Concerned Theater Students React to Cascade Living Conditions
Marisa Pala, Staff Reporter
Cascade Hall, the abandoned dormitories of Southern Oregon University, is where you can find theater students holding their regular classes. For the past year the theater and athletic department have been relocated to the empty dorm building of Cascade while the gym and theater building are under construction. Previously Cascade has been used to house science students while the new science building was going through construction. However, since the completion of the facility, Cascade Hall has turned into flex space for SOU to place students who do not currently have facilities.
Cascade, having been scheduled for condemnation, is a less than ideal location to be holding classes according to theater students. Recently, some students voiced their complaints of the building via Facebook. Leaky ceilings, non-potable water, mold, and drastic temperature changes are just some of the complaints which have been brought to light during discussions about the building.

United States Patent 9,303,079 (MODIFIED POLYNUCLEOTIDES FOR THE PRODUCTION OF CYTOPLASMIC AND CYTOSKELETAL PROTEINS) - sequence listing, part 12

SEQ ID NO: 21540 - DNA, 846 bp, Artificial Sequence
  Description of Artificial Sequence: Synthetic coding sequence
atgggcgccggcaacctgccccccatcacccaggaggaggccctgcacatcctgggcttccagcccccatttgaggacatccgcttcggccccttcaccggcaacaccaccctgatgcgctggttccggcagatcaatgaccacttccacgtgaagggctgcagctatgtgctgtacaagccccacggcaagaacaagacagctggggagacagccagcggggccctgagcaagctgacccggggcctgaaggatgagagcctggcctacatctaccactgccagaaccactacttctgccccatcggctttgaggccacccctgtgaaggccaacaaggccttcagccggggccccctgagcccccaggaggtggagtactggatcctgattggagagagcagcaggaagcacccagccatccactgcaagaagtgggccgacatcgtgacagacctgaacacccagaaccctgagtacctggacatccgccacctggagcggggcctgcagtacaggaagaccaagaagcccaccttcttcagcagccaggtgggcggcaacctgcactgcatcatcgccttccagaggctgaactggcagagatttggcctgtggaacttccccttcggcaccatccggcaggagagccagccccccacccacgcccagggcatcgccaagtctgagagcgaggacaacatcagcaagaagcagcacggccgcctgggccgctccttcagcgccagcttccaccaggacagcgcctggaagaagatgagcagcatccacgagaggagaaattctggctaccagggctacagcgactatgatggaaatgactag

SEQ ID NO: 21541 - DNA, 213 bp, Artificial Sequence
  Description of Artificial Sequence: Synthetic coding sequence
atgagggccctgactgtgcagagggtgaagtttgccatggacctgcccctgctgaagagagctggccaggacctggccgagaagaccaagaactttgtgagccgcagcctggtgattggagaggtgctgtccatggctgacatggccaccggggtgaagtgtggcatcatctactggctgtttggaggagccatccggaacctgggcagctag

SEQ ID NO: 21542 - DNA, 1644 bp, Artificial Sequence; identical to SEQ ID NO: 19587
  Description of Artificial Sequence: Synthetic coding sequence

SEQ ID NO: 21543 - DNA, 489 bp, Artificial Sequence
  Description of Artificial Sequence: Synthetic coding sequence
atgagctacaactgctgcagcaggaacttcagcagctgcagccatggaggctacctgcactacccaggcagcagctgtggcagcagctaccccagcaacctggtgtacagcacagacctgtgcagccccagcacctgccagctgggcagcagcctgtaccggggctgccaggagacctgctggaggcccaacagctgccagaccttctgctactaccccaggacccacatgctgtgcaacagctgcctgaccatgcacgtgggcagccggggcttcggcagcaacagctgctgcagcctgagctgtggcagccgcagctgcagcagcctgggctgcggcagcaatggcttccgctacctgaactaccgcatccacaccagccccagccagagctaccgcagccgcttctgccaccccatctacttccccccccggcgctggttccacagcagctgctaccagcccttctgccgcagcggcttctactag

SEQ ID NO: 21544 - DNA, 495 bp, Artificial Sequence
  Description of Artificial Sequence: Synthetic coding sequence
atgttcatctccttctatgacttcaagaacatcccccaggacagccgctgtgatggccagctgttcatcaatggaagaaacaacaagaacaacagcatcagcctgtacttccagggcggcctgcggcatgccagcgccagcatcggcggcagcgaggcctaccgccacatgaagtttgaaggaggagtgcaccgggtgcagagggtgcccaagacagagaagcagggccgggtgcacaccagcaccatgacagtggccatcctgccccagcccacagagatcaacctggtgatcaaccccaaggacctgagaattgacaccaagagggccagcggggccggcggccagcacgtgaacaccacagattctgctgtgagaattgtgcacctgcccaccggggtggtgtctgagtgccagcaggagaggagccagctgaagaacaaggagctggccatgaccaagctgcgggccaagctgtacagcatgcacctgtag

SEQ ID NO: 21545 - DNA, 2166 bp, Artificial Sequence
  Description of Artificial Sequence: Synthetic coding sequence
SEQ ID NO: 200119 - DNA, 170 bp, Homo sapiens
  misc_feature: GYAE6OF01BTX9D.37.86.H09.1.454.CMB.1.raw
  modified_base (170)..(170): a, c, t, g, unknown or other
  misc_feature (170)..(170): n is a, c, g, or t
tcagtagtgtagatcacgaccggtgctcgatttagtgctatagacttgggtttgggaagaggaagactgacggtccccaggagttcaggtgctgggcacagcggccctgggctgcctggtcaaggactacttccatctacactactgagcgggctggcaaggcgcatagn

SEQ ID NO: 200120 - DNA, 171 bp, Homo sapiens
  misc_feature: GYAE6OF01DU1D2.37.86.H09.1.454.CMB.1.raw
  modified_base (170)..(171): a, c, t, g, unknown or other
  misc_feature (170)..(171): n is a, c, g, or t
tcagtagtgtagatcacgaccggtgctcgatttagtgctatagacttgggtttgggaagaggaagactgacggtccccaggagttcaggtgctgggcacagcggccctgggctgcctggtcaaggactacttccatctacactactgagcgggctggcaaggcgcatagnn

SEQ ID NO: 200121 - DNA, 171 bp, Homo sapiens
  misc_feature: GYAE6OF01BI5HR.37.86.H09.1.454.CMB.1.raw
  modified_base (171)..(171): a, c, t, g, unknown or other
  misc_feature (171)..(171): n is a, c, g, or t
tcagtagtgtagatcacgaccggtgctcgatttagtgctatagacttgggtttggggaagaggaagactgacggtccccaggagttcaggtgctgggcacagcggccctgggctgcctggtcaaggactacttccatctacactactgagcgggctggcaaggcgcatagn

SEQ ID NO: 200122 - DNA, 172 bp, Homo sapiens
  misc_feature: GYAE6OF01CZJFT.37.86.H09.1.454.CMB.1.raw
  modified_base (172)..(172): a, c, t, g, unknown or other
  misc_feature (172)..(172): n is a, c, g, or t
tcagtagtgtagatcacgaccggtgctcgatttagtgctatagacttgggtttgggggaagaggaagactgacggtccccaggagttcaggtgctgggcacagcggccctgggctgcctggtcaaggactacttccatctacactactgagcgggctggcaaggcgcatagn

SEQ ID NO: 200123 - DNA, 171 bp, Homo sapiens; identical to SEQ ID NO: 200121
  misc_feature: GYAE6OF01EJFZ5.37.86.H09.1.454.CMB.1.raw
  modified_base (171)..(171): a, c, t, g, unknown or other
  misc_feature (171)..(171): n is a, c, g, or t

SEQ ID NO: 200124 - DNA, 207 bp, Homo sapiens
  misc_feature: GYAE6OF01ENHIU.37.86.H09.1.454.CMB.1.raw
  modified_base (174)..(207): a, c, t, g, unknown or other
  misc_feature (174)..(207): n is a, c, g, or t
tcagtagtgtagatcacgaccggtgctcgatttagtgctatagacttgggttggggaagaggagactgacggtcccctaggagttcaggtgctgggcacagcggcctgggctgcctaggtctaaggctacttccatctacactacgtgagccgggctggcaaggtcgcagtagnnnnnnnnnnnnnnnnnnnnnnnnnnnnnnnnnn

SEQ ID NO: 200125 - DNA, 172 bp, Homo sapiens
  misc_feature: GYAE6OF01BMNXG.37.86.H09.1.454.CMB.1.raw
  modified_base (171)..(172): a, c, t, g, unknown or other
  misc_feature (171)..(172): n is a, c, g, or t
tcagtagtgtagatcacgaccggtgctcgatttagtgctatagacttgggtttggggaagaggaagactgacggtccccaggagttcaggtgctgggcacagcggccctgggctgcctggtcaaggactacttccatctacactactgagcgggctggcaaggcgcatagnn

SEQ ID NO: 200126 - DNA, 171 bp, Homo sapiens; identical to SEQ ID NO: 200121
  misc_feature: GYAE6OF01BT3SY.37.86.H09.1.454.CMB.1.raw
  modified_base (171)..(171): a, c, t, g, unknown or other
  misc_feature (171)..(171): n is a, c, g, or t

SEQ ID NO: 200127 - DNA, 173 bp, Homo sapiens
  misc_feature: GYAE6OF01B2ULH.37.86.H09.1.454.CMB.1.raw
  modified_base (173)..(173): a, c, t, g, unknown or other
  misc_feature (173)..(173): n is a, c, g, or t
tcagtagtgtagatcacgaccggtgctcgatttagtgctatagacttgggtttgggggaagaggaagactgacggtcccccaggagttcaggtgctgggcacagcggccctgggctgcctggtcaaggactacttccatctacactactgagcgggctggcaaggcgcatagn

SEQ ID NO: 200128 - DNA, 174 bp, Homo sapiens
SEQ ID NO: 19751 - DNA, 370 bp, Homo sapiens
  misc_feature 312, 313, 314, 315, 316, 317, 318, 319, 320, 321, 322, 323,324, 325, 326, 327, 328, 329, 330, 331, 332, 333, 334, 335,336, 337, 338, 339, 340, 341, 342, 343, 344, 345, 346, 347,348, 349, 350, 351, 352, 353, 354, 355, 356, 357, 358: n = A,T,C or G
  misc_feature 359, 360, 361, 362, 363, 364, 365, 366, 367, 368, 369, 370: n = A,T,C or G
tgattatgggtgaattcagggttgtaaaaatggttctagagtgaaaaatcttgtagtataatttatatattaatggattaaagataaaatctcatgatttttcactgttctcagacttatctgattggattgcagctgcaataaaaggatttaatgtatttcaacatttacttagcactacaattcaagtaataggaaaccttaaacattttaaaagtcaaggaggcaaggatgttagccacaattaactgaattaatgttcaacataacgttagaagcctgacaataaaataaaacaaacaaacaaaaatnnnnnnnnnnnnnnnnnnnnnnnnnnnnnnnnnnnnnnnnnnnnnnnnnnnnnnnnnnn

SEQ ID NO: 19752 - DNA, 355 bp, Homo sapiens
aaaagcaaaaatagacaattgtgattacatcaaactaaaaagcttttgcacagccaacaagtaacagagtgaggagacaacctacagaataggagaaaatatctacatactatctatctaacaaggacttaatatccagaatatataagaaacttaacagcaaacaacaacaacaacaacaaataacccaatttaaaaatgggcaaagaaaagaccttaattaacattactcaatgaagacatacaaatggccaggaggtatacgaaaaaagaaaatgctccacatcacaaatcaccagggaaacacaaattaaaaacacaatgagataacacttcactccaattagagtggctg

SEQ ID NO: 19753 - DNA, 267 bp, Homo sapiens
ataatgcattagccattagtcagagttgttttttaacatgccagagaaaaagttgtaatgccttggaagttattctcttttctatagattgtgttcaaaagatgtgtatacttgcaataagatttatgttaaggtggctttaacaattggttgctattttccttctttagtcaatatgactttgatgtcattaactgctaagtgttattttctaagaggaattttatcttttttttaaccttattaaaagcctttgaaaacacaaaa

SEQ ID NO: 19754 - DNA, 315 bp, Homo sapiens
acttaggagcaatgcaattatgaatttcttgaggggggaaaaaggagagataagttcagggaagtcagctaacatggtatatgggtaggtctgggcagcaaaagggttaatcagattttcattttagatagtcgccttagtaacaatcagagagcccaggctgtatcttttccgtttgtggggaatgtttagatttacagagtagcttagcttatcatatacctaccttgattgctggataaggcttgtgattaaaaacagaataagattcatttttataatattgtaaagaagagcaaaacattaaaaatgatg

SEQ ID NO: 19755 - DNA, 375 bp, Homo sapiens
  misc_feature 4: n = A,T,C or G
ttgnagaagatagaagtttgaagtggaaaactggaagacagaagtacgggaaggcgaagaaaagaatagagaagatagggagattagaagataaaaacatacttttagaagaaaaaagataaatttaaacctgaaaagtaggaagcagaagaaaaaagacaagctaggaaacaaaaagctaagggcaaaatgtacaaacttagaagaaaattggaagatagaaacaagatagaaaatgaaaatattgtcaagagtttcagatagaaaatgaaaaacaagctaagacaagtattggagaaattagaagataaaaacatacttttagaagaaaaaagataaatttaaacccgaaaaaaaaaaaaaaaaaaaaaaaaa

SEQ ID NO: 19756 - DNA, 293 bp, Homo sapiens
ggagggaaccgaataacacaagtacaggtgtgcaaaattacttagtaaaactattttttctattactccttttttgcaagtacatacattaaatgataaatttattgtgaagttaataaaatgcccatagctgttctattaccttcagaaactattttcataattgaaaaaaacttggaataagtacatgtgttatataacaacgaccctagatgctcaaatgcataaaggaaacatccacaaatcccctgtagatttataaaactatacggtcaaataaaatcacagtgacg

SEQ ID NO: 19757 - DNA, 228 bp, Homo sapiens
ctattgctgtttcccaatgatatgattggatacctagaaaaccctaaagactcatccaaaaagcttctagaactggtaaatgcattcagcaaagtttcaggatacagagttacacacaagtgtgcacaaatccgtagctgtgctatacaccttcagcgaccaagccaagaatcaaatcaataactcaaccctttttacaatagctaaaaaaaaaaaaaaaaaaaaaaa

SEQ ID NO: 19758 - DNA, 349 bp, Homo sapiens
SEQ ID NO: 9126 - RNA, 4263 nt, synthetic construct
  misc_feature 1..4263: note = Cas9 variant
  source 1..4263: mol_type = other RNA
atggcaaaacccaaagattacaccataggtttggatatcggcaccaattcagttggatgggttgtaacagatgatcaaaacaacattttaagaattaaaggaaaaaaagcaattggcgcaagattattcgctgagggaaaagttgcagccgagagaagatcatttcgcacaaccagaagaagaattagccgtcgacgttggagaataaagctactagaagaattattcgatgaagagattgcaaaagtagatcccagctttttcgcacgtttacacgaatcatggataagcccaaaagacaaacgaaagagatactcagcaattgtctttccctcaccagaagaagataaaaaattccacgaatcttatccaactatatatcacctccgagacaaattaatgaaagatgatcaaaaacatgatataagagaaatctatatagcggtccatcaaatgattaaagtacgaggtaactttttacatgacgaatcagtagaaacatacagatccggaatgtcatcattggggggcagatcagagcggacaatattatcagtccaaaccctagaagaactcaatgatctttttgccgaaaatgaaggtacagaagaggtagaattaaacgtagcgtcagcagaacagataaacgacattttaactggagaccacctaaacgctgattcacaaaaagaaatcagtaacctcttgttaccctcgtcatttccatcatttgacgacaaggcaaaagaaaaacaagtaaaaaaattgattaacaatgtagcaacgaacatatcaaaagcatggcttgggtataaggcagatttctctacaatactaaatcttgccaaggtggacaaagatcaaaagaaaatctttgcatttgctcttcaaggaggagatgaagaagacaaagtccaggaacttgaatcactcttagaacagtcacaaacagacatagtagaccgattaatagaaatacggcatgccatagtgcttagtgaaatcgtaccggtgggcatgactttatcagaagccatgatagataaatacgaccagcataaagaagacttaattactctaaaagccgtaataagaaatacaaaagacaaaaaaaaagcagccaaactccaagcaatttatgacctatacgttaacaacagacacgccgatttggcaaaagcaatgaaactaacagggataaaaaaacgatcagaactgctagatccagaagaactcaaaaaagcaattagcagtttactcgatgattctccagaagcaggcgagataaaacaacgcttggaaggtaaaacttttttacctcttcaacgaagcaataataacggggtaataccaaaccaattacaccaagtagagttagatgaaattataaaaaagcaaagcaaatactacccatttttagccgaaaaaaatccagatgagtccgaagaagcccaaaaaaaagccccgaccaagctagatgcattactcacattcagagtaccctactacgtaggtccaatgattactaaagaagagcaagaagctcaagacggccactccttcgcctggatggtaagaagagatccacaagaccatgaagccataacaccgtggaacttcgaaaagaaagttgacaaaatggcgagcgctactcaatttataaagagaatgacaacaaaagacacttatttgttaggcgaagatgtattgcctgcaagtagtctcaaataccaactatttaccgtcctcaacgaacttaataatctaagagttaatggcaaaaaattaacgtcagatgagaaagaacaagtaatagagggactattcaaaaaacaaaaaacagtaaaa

“Someone accidentally put their shoulder through a hole in the wall and exposed the beams. That was last term and it hasn’t been fixed,” said theater major Katie Herling. Students are working in conditions which are far from conducive to their learning environments. Lighting students struggle with their lack of resources and inability to be working in a functioning theater and drafting students have had work ruined from water damage due to ceiling leaks. Faculty has since responded to the complaints of students and held a meeting to discuss the concerns of students. Since the meeting faculty has responded by fixing any leaks the building currently holds, and continuing the building construction.
By next fall students will have been waiting a year and a half for their new theater due to budgeting issues.
“We were hoping to start last fall, but unfortunately the project was well over budget,” said Drew Gilliland SOU’s Director of Facilities Management Planning and Sustainability. “We terminated our contractor, we hired a new local contractor, they re-billed the project and then they came back with a price that falls within our budget which was a little over 10 million dollars.”
Before rehiring contractors the budget was well over 12-13 million dollars. Due to this delay there are a number of students who will never get the chance to see the final stages of the new building, despite being charged a building fee to their tuition.
On Monday, Feb. 27 fences went up around the old theater building as construction began.